Japanese shares fell, with the Topix index extending its weekly loss, as the yen headed for a second day of gains and steel companies slid.
Toyota Motor Corp., which gets three-quarters of sales overseas, was the biggest drag on the Topix, slipping 0.7 percent. Nisshin Steel Co. dropped 3.5 percent for the second-largest decline on the Nikkei 225 Stock Average. Mitsui OSK Lines Ltd. slid 1.8 percent after the shipper’s share-price target was cut at Barclays Plc. A Topix gauge tracking drugmakers added 0.7 percent for the biggest increase among the broader measure’s groups.
The Topix lost 0.4 percent to 1,280.74 at the close of trading in Tokyo, with all but five of 33 industry groups retreating. The gauge is poised for a 0.4 percent decline this week. The Nikkei 225 sank 0.5 percent today to 15,459.86. The yen rose 0.1 percent to 103.76 per dollar after gaining 0.2 percent yesterday.
“There’s no reason to buy,” said Mitsushige Akino, executive officer at Ichiyoshi Asset Management Co. in Tokyo. “Given the uncertainty about whether corporate earnings can increase from here, we can’t buy the Nikkei 225 if it climbs above 15,500.”
Futures on the Standard & Poor’s 500 Index slid 0.1 percent. The underlying equity gauge rose 0.1 point in New York yesterday amid thin trading after closing above 2,000 the previous day for the first time.
The Japanese gauge traded at 1.2 times book value today, compared with 2.7 for the S&P 500 and 1.9 for the Stoxx Europe 600 Index yesterday. Volume on the Topix was about 3.8 percent higher than the 30-day average today.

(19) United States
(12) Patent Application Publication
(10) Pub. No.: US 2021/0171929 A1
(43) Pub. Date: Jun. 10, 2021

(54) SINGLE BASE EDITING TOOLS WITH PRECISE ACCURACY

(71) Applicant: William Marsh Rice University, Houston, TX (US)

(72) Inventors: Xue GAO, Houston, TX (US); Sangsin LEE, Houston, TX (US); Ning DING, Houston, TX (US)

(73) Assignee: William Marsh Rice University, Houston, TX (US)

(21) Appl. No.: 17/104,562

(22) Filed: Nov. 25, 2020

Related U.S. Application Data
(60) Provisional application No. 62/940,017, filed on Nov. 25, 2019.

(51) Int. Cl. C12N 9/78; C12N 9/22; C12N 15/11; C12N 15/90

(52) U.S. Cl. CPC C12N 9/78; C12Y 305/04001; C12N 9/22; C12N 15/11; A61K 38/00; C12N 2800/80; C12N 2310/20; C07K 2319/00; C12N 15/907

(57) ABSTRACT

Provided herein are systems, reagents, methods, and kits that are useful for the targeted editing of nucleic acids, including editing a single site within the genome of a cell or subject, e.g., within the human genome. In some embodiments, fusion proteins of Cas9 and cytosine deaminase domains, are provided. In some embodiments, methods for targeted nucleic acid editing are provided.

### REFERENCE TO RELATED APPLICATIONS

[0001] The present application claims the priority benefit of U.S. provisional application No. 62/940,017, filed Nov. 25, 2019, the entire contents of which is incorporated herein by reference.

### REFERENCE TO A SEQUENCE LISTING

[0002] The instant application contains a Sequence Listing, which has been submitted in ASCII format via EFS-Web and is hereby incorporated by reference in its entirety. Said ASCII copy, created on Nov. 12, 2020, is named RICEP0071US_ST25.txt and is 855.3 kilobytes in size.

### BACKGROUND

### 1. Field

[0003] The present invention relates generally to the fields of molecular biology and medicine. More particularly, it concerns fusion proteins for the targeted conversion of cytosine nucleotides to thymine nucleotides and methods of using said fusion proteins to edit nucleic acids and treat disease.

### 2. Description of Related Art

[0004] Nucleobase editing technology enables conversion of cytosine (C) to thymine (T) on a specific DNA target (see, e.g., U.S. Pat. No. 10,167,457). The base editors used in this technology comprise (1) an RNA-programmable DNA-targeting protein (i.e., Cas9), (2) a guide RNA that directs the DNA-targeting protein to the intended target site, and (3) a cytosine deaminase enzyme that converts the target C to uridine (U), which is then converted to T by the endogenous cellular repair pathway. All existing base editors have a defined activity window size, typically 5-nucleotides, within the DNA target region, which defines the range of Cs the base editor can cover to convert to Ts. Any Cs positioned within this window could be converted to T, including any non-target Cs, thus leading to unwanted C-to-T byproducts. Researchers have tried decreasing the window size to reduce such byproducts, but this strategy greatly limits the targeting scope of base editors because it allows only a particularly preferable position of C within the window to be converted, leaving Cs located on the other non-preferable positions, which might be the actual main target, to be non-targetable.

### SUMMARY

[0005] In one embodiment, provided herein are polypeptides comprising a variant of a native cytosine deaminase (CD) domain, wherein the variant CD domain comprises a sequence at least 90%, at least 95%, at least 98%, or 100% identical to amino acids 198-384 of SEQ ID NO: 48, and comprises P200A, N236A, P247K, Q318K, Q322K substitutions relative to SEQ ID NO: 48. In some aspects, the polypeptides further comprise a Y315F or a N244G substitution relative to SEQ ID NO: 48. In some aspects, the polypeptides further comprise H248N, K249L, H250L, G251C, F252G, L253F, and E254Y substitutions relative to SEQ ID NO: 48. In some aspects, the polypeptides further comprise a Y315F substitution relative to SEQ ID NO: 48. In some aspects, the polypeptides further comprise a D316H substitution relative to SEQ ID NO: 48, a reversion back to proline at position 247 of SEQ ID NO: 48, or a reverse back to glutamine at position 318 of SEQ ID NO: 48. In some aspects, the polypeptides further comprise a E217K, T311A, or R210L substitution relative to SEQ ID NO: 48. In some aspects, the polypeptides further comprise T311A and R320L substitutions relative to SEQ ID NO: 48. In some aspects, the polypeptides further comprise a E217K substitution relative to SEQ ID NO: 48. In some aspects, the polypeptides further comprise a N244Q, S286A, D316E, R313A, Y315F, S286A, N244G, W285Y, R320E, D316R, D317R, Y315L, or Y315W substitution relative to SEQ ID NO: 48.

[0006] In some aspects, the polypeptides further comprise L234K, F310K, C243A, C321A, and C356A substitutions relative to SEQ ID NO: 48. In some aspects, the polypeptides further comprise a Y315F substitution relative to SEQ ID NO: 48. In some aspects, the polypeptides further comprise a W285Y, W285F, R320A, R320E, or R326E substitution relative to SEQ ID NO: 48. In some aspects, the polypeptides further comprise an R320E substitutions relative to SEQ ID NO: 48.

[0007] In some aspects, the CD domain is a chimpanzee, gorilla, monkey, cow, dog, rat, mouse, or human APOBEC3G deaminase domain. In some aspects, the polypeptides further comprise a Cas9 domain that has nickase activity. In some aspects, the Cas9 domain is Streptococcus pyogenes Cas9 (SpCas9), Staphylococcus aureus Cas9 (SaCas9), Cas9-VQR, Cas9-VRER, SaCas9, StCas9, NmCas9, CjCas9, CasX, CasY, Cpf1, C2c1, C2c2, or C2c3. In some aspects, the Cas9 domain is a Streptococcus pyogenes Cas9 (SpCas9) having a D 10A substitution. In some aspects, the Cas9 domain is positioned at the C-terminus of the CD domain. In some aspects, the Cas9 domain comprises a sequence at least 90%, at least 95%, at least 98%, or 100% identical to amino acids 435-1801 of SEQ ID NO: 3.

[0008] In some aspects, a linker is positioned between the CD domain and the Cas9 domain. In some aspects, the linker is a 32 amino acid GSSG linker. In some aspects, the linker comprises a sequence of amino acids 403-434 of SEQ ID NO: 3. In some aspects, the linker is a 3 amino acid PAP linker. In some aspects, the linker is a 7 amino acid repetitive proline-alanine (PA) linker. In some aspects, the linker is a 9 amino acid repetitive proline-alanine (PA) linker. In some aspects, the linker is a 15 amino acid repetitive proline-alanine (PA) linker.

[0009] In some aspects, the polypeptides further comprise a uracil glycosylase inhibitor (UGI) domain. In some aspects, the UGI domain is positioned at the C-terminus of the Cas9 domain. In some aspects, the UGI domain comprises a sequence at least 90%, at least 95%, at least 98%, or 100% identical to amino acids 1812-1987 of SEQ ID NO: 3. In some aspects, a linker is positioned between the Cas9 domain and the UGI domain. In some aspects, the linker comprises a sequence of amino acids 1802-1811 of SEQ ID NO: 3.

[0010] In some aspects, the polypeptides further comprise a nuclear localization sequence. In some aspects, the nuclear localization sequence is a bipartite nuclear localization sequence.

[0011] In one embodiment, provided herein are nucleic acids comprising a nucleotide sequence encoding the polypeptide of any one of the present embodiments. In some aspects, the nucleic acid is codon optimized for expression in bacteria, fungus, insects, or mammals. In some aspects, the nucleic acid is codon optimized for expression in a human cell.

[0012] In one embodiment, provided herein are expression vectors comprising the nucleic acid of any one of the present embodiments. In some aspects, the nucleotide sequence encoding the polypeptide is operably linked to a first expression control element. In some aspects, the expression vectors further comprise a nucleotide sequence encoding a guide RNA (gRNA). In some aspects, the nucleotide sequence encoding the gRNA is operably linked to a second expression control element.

Some exporters fell as the yen advanced. Toyota lost 0.7 percent to 5,935 yen. Nikon Corp., the world’s No. 2 camera maker, decreased 0.4 percent to 1,499.5 yen. Japan Tobacco Inc., which gets more than half its sales abroad, slid 0.8 percent to 3,581 yen, capping a third day of declines.
The Topix Iron & Steel Index sank 1.4 percent, the biggest drop among the industry groups. Nisshin Steel fell 3.5 percent to 1,117 yen. Nippon Steel & Sumitomo Metal Corp., the nation’s largest maker of the alloy, slipped 1.9 percent to 298.8 yen while JFE Holdings Inc., the second-biggest, retreated 1.4 percent to 2,116.5 yen.
Mitsui OSK declined 1.8 percent to 380 yen after Japan’s No. 2 shipper’s price target was cut to 370 yen from 430 yen at Barclays, which kept its equalweight rating on the shares. Kawasaki Kisen Kaisha Ltd., the third-biggest, added 0.8 percent to 253 yen after the brokerage raised its outlook for the stock to 290 yen from 270 yen.
Data on the nation’s inflation and employment are due tomorrow. Consumer prices excluding fresh food will probably rise 3.3 percent in July from a year earlier, according to the median estimate of economists surveyed by Bloomberg, holding steady from the month before. The jobless rate is projected to be unchanged at 3.7 percent.